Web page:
Home Resilience UK regulators set out plan for oversight of ‘critical third parties’

UK regulators set out plan for oversight of ‘critical third parties’

London’s Canary Wharf: the regulators’ proposals highlight potential risks to financial stability if the ‘critical third party’ services increasingly used across the financial services industry ‘are disrupted or fail’ | Credit: Ian Hall

UK banking regulators have published proposals to directly regulate ‘critical third parties’ supplying services such as cloud computing to the financial sector – an increasingly significant part of the global financial services landscape.

The Bank of England (the Bank), Prudential Regulation Authority (PRA) and Financial Conduct Authority (FCA) launched a consultation on 7 December on proposals to ‘oversee and strengthen’ the resilience of services provided by critical third parties (CTPs) to UK regulated financial services companies and financial market infrastructure entities (FMIs).

‘CTPs supply an array of services to firms and FMIs, providing benefits, including greater operational resilience and innovation. However, if they are disrupted or fail, there are potential risks to UK financial stability,’ the authorities state in a joint announcement. ‘Managing these risks fully is beyond the ability of any individual firm or FMI and requires an appropriate but proportionate level of direct regulatory oversight.’

‘These proposals will therefore complement but not blur, eliminate or dilute the responsibilities of individual firms and FMIs relating to operational resilience and third-party risk management,’ the authorities explain.

The ‘Operational Resilience: Critical Third Parties to the UK Financial Sector’ proposals follow a discussion paper (with an identical title) published in July 2022; and the UK parliament’s adoption of the Financial Services and Markets Act (FSMA) 2023, which gave regulators powers to make rules for, and oversee, CTPs designated by HM Treasury (HMT).


Proposals for CTPs

Proposals in the paper include how the regulators may identify potential CTPs and recommend them for designation to HMT, as well as a set of ‘fundamental’ rules to apply to all services CTPs provide to UK firms and FMIs and act as a ‘general statement of their obligations’ under the proposed regime.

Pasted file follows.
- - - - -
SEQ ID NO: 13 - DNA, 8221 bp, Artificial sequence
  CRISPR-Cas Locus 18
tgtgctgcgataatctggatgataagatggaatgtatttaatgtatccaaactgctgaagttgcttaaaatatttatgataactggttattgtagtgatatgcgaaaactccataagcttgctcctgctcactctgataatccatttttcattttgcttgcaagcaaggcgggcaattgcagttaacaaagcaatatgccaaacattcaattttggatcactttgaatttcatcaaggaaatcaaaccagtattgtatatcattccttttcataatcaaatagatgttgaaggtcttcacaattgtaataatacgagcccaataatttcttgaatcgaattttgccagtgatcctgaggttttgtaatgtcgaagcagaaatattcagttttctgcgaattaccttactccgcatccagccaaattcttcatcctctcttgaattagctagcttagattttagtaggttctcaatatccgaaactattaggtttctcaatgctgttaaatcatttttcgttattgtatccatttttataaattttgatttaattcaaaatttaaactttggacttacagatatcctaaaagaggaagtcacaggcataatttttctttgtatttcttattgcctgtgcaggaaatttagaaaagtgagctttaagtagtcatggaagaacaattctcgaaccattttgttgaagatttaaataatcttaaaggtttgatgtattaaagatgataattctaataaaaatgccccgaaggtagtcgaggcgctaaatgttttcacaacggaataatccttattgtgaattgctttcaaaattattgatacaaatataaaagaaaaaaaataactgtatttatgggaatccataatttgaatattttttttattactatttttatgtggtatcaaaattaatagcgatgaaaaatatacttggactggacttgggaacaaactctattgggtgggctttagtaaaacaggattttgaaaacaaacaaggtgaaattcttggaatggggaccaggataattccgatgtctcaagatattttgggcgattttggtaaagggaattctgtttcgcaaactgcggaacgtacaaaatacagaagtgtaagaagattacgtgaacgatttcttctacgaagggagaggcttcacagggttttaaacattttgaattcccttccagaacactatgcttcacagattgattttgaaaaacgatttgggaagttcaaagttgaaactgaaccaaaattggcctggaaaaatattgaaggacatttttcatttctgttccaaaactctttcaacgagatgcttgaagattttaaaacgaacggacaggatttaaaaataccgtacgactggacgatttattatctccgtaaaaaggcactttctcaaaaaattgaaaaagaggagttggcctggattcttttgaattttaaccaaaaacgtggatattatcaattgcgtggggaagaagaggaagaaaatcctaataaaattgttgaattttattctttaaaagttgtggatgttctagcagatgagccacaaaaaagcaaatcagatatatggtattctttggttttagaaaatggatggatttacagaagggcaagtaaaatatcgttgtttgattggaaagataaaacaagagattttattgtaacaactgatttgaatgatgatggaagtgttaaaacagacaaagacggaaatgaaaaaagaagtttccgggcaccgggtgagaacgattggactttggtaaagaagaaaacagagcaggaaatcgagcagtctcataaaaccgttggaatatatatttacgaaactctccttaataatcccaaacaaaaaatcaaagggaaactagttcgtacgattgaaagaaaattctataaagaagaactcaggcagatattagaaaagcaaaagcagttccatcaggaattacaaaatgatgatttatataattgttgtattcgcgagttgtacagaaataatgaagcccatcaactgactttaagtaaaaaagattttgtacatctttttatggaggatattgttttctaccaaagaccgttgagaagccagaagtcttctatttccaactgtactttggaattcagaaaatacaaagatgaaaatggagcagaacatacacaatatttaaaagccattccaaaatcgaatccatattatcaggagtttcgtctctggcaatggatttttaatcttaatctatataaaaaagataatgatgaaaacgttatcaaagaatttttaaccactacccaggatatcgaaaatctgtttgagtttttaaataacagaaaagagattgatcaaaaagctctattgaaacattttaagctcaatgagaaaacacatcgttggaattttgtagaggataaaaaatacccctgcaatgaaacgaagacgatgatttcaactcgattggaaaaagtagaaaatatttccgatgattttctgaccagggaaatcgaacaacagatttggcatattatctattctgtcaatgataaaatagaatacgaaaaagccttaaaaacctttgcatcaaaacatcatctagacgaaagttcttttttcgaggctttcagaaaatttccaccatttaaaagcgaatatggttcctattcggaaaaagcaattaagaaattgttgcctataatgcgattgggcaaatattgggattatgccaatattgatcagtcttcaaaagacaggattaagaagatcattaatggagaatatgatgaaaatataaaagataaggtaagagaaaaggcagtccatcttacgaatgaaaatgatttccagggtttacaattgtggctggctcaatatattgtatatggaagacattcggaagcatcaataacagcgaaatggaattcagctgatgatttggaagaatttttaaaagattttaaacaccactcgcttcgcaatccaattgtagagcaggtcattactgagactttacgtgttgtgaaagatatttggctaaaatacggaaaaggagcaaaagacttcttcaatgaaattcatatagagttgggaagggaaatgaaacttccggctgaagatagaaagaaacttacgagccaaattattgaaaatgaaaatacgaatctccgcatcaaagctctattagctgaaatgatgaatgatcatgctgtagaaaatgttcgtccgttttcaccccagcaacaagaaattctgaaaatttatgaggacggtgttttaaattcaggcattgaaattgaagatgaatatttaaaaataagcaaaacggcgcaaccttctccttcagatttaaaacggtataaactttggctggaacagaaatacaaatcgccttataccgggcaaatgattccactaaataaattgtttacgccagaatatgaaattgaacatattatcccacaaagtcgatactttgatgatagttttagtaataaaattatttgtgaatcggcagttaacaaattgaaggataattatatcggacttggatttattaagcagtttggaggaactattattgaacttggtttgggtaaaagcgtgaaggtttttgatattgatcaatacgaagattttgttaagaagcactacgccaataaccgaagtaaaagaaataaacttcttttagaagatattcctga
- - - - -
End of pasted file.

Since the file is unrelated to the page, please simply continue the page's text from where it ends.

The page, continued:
The proposals also include requirements for CTPs to notify regulators (as well as firms and FMIs they provide services to) of specific disruptions that may adversely impact their services; a set of more granular operational risk and resilience requirements to apply to what are described as CTPs’ ‘material services’ to firms and FMIs, ‘such as requirements on technology and cyber resilience, as well as on supply-chain risk, change and incident management’; and requirements for CTPs to provide ‘certain information and assurance to the regulators, including submitting an annual self-assessment, and conducting regular testing of their ability to provide material services in severe but plausible disruption (‘scenario testing’).

The BoE, PRA and FCA state that CTPs will not be authorised or overseen ‘in their entirety’ by the regulators, but that the ‘third-party services they provide will be overseen against these proposals, once finalised’.

They also point out that the proposals ‘draw on’ global standards and toolkits, such as the 58-page ‘Enhancing third-party risk management and oversight: a toolkit for financial institutions and financial authorities’ document just published by the Financial Stability Board (FSB). ‘They are also designed to be interoperable with similar rules for CTPs in other jurisdictions,’ the UK authorities state.

The deadline for consultation feedback is 15 March 2024, with the regulators aiming to publish ‘final requirements and expectations for CTPs’ during the second half of next year.